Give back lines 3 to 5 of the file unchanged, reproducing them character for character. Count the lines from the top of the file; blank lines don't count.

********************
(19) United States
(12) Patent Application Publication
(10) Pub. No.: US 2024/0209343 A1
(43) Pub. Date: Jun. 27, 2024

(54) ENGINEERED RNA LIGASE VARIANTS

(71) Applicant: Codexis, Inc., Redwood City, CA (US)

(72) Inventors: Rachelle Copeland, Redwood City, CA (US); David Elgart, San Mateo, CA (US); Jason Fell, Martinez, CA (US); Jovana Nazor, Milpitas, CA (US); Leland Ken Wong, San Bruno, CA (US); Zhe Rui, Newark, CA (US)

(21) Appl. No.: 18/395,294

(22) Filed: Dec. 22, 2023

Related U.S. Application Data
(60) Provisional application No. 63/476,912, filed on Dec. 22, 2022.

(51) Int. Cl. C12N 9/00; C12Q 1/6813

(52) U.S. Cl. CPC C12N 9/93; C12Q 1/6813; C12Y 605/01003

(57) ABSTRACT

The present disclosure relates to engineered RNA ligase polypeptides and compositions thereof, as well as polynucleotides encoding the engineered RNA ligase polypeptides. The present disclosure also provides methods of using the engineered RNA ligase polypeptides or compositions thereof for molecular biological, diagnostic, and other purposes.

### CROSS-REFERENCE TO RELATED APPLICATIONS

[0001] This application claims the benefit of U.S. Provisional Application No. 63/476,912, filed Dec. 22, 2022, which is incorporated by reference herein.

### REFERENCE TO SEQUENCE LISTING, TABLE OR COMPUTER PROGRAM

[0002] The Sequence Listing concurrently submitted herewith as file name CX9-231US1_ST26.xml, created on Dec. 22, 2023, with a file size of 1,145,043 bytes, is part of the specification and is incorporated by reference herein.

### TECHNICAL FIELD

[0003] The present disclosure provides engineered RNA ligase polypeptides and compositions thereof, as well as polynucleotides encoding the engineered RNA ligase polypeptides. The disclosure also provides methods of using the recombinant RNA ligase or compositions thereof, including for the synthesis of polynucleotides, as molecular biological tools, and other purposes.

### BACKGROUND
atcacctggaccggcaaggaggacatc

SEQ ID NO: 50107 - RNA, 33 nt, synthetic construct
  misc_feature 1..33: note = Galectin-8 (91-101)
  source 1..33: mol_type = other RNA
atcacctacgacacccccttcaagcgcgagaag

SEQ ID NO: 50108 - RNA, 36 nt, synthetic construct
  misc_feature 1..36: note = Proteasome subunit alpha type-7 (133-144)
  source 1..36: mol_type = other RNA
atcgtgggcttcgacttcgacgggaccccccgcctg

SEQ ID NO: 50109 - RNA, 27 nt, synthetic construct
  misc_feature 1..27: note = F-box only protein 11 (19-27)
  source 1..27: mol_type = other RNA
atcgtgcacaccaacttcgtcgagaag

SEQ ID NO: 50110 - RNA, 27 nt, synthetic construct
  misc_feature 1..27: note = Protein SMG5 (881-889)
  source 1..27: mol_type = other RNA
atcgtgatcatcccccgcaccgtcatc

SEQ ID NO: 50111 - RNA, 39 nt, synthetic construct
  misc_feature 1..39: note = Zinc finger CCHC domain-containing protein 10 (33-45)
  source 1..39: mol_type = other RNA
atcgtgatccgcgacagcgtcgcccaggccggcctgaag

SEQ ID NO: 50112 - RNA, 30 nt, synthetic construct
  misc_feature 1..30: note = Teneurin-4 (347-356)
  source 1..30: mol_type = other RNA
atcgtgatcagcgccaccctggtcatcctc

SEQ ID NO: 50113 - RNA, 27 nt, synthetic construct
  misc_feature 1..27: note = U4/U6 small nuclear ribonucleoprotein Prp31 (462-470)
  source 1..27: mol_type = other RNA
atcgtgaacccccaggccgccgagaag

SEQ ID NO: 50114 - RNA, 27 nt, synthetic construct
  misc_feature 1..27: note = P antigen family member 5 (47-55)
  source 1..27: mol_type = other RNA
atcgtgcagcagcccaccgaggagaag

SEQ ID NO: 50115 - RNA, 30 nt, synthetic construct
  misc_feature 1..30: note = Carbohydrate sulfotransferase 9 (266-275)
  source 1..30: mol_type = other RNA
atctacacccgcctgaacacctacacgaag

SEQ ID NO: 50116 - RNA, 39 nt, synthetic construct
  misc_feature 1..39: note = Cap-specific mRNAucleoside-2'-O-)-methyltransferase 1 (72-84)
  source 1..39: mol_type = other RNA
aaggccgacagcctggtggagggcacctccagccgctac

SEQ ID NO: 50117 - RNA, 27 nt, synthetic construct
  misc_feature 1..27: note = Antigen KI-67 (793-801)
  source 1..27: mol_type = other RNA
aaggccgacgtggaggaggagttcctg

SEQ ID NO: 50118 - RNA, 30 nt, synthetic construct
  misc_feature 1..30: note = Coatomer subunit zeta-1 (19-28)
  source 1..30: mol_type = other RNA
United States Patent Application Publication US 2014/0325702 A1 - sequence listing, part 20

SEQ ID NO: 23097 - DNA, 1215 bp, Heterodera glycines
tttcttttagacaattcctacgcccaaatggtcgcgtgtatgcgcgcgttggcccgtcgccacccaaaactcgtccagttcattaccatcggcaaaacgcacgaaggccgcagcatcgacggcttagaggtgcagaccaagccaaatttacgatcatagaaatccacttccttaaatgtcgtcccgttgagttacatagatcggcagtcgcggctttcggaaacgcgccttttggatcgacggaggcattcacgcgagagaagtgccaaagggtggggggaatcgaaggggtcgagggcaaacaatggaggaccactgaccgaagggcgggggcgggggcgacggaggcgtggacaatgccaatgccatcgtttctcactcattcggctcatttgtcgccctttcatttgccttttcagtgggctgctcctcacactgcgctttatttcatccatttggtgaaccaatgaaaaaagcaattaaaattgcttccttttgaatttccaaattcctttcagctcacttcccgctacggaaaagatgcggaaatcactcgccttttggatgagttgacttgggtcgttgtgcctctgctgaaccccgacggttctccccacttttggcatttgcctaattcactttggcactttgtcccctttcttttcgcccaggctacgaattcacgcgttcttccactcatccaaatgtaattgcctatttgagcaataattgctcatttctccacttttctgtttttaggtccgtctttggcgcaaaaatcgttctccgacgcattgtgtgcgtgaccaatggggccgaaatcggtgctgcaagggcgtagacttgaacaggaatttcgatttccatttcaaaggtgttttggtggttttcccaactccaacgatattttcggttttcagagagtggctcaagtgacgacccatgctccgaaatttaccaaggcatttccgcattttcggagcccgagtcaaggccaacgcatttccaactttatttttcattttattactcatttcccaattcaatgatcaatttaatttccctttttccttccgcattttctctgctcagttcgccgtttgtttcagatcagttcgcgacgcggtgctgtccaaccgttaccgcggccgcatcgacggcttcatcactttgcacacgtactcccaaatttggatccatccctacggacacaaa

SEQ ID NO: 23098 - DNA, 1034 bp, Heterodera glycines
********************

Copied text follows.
(10) Pub. No.: US 2024/0209343 A1
(43) Pub. Date: Jun. 27, 2024

(54) ENGINEERED RNA LIGASE VARIANTS